Getting Started With API Development in Flask

September 13, 2019

I am primarily a back-end .NET Core developer, so when I heard that I would perhaps soon be using python for a project at work, I knew I had to refresh my Python skills. My start in programming stemmed from playing with Python 2 in middle-school, but that has long since been forgotten when I entered the .NET and NodeJS worlds. My experience then with Python had been passing and transient at best, barely scratching the surface of the language and it’s capabilities at the time. This guide is a guide with steps I followed as part of my reintroduction to Python. This is a basic guide for anyone looking to get started developing APIs with Python 3 and Flask. This tutorial assumes that you have Python 3 and PIP installed in your path. I also use PowerShell as my terminal, so the commands may be different depending on your system.

At the end of this blog post (if you are following along), you will have created a basic Hello World API in Flask.

What is Flask?

Flask is defined as:

A lightweight WSGI web application framework. It is designed to make getting started quick and easy, with the ability to scale up to complex applications.

It can be used to create different types of web applications. Different options include legacy multi-page applications, RESTful or GraphQL APIs, or used to serve static resources. In this tutorial, we will focus on building a RESTful API.

Setting Up a Basic Hello World API

The first goal is to do a simple GET request on our server and return the essential “Hello World!” string. This will be the start of our API.

Project Setup

First, from the terminal, run the following commands to install flask and flask_restful via pip:

pip install flask
pip install flask_restful

Then create a new directory and a file to start our project:

mkdir hello-world-api
cd hello-world-api
New-Item # use touch on bash

From here open the file in your editor of choice. I would highly recommend VS Code with the Python extension.

Creating a Hello World API

The piece of code required is the imports to load the flask library and make it available in our application. In the start of your file add the following:

from flask import Flask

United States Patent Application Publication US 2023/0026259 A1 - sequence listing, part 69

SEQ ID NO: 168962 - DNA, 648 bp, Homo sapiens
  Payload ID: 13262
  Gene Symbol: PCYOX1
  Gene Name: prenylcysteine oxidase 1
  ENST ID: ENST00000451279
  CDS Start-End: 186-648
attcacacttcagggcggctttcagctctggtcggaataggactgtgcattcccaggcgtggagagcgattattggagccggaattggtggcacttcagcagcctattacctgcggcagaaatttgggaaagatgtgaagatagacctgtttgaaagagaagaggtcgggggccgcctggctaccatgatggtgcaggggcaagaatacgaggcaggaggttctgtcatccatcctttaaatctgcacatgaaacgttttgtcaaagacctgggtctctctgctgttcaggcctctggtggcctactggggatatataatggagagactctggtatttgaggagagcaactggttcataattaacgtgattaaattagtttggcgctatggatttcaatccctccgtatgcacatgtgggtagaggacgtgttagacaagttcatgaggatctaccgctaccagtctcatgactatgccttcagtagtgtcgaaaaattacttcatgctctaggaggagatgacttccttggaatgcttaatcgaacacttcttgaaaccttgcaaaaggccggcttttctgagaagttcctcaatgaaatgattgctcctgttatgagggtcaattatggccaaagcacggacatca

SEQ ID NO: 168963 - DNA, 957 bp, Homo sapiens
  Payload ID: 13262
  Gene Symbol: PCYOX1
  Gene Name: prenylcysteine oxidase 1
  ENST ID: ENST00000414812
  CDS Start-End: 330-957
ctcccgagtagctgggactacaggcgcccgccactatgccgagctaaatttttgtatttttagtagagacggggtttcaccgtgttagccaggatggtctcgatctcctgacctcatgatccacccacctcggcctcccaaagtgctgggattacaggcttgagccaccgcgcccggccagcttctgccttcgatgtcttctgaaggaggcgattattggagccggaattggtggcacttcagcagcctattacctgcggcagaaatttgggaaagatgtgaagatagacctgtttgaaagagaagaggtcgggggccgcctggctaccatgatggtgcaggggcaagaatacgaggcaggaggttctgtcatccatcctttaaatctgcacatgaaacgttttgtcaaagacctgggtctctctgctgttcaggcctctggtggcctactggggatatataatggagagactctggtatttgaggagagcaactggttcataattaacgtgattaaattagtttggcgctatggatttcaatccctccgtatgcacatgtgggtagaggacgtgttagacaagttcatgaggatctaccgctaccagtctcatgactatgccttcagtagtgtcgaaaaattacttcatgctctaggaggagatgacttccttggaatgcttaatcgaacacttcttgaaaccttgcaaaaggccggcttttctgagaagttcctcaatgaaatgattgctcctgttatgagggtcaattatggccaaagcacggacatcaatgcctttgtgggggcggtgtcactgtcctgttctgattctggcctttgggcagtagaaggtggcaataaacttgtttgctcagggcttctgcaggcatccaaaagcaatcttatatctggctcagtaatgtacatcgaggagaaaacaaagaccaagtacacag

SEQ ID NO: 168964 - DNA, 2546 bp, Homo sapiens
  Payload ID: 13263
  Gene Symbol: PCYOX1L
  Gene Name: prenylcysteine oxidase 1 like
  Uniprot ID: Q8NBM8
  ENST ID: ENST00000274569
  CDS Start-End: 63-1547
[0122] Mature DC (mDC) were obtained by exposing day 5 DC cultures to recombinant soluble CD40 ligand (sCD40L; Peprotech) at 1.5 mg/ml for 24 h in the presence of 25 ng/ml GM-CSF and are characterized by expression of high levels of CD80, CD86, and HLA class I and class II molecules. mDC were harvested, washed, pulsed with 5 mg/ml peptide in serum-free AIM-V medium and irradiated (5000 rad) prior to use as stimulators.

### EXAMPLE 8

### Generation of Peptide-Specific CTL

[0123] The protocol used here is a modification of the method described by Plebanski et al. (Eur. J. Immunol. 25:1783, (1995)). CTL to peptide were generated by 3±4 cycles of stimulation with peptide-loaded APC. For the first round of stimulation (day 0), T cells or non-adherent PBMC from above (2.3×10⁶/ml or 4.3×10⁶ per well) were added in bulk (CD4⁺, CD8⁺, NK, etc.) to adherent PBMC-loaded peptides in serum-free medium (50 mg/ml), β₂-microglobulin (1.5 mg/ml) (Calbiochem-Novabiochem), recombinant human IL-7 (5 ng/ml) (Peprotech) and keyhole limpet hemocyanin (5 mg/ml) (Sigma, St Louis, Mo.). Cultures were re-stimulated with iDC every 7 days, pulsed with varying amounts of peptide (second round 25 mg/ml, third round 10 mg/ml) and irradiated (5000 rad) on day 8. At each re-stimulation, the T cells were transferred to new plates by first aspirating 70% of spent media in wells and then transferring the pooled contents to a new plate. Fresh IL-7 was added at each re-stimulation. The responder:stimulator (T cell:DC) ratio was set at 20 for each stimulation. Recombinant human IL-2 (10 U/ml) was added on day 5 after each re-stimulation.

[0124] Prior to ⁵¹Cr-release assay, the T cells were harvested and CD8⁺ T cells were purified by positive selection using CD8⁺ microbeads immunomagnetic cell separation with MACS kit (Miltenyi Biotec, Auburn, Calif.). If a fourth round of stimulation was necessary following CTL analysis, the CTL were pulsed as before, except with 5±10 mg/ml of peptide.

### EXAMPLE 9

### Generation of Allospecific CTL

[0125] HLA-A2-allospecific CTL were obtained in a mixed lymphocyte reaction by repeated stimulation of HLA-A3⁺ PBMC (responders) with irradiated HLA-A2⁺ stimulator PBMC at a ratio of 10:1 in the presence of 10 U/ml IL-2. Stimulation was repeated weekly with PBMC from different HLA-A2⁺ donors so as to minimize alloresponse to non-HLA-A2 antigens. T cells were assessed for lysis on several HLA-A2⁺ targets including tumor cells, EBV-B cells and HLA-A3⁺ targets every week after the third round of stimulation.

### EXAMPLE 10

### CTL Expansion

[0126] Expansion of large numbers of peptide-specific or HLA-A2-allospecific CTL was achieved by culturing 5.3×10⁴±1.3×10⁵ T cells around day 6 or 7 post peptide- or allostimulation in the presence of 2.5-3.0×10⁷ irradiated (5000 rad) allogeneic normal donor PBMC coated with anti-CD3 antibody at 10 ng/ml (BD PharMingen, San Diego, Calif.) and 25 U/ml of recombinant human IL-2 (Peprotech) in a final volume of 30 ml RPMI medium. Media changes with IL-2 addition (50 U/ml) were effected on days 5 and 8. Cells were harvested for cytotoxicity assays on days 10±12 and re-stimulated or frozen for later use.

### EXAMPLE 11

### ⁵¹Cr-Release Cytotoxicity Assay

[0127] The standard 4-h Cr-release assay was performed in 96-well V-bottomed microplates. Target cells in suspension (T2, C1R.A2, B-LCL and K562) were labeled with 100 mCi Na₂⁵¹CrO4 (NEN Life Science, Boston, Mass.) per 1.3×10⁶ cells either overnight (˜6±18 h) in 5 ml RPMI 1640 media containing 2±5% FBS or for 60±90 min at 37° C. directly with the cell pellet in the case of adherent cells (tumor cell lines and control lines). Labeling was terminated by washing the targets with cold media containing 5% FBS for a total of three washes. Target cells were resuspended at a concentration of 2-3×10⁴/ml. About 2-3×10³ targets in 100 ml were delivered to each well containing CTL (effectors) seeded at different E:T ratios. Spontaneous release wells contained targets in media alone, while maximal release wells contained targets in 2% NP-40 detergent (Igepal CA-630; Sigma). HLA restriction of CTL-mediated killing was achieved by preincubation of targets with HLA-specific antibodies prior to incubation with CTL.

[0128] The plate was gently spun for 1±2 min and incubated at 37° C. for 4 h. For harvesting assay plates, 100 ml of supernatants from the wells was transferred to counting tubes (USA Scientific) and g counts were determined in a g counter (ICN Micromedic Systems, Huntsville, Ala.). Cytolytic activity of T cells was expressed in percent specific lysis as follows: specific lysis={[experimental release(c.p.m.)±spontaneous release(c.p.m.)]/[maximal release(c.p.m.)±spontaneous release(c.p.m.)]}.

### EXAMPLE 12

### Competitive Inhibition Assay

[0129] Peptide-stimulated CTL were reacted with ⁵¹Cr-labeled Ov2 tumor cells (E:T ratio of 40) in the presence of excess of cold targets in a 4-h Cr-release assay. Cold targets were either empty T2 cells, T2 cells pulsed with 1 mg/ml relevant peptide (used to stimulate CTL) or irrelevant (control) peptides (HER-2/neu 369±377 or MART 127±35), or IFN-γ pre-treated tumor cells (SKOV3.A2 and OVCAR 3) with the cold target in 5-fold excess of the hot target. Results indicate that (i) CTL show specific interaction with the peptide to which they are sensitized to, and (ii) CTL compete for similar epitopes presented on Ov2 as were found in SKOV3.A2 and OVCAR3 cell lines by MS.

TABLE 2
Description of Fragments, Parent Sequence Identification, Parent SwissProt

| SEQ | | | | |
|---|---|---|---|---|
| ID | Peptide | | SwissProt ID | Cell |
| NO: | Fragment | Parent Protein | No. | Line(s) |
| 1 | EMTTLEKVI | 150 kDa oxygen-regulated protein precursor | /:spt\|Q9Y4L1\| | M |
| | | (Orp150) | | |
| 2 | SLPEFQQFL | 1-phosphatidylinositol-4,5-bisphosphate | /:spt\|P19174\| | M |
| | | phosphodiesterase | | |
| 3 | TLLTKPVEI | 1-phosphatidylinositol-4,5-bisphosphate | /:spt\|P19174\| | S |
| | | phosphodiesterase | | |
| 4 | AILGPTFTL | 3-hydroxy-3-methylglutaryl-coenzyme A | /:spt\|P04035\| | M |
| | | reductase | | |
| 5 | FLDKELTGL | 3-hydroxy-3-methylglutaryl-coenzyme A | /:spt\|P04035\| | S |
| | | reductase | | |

from flask.views import MethodView
from flask_restful import Api

The next step is to create an instance of Flask and then an instance of our API that uses the new Flask instance. Place the following code below:

app = Flask(__name__)
api = Api(app)

The __name__ variable in python refers to the name of the library or module that is currently being imported. If the script is the main file in the program, it will be equal to __main__.

After this, we can create our controller. Initially, it will only have a single method, get() that will respond to get requests on our endpoint. The controller class will look something like this:

class HelloWorld(MethodView):
    def get(self, id):
        msg = {
            "message": "Hello World!"

        return msg, 200

This class defines actions that are taken when our API is called. Any logic that handles things like incoming parameters are specified here. Not only is our data object returned here, but also our HTTP status code. 200 indicates that the request was successful and everything executed as indented. For a full list of HTTP status codes and their meanings, see here.

Next, we define our resource in our api object:

api.add_resource(HelloWorld, "/hello/world")

We pass in our controller here. Also, the <string:id> part of the URL specified here defines a template. This template indicates that the ID of the item should be passed from the URL to a parameter in the controller (the id) parameter in the get method signature).

After this we can invoke our application via this bit of boiler-plate python code:

if __name__ == "__main__":, threaded=True)

This code determines if the script is a library or if it is a running entry point script. If it is an entry point script, then the API is started and flask is run. In order to start this, in a terminal, run the following command:

python3 .\

Note: Depending on your setup you may be able to use python instead of python3. This depends on how the Python distribution is set up on your system.

This will start the flask application and you should see something like this:

 * Serving Flask app "main" (lazy loading)
 * Environment: production
   WARNING: This is a development server. Do not use it in a production deployment.
   Use a production WSGI server instead.
 * Restarting with stat
 * Debugger PIN: 197-957-841
 * Running on (Press CTRL+C to quit)

You can now make a request to your API. Utilizing something like Postman, curl, or Invoke-WebRequest you can get the data from the API. For example:

On Linux:


Or on PowerShell:


You should see a response that looks like this:

    "message": "Hello World!"


You now have a simple working REST API! Stay tuned for how to use use REST-full Flask to it’s full potential set up basic Create, Read, Update and Delete, operations, and also how to connect it to a database for storing the data in the API long term. If you find any issues with this blog, please submit a pull request on my repo here.

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Written by Ben Brougher who lives and works in the Pacific Northwest developing solutions to problems (usually with software). He graduated 2020 from Eastern Washington University as a Computer Science Major, Bachelor of Science (BS), and works engineering and developing software solutions in the enterprise telecommunications industry.

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